UK – Strathclyde Pension Fund has appointed three asset managers to a passive fundamental equity framework agreement, seeding one of the managers with a portfolio worth half a billion pounds.
The initial tender from October last year came after the £13bn (€15bn) local authority pension scheme (LGPS) decided on an initial 5% allocation to fundamental indexation in a further development of its passive management strategy.
The scheme received applications from 17 asset managers, eventually shortlisting BlackRock, Goldman Sachs Asset Management, HSBC Global Asset Management, Legal & General Investment Management (LGIM), Northern Trust and State Street Global Advisors (SSgA).
Following interviews with Strathclyde's investment advisory panel, HSBC, SSgA and LGIM were appointed to the framework, with LGIM asked to manage the £550m portfolio.
LGIM is already responsible for a substantial amount of Strathclyde's assets – at the end of March managing £5.6bn, or more than 43%, of its total assets under management in a passive multi-asset strategy.
The manager returned 17.8% over the 12 months to March, above its benchmark target and only beaten by Henderson, JP Morgan and Partners Group – the latter responsible for the fund's 21.7% returns on its private equity investments, outperforming its benchmark by 4.9 percentage points.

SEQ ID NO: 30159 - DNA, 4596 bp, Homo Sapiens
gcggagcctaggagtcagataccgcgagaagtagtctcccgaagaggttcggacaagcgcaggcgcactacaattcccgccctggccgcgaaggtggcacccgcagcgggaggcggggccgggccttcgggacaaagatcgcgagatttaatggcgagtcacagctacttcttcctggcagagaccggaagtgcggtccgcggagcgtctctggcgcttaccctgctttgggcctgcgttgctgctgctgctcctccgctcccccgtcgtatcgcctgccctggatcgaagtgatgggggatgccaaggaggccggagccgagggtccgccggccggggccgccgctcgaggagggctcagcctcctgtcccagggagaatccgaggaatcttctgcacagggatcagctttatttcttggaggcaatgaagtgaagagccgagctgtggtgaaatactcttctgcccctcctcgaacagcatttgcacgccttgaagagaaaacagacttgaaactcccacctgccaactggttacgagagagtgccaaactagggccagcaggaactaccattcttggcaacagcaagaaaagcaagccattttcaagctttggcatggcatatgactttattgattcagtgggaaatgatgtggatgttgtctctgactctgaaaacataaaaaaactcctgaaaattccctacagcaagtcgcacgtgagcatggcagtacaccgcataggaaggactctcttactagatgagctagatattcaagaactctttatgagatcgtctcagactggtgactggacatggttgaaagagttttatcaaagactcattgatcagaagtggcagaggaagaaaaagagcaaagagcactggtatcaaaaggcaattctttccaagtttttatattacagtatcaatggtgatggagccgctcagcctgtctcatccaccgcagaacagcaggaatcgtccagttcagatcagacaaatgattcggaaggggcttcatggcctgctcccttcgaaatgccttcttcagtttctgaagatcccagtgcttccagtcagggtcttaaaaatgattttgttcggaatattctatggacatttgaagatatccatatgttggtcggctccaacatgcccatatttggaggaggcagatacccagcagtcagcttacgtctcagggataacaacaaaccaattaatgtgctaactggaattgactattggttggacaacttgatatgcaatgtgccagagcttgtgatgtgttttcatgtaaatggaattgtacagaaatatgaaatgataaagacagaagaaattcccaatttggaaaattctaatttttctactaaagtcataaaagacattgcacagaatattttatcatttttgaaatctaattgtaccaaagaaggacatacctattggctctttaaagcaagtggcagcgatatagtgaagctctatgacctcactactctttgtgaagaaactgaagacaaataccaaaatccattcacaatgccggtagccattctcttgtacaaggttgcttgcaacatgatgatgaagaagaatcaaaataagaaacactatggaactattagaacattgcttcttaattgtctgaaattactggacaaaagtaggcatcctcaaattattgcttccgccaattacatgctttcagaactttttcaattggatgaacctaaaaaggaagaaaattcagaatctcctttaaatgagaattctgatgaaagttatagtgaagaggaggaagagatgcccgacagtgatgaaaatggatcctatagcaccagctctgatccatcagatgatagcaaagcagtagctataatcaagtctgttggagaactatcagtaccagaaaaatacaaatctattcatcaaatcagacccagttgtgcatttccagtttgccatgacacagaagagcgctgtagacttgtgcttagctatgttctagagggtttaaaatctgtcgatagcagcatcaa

Strathclyde saw an overall annual return of 14.5%, well above its three-year average return of 7.6%.
However, as administering authority Glasgow City Council said last October that it designed the framework to be accessed by all of Scotland's local authority funds, HSBC and SSgA may yet see expressions of interest from the country's other schemes.
Commenting on Strathclyde's decision to open the framework up to other LGPS, a spokesman said: "There has been growing enthusiasm in recent years to have funds work together or share resources where possible.
"In that spirit, we also decided to make it open – although this framework was something we were already planning, and we still did it absolutely on our own terms."
He added that there had been a "strong response" from other funds to date.
A number of framework agreements open to other schemes have been launched in the recent past, such as efforts led by the Norfolk County Council for a national investment consultancy framework.
However, regional attempts have also been tried by a number of funds, notably the Environment Agency's joint tender with five other local government funds in the South West of England.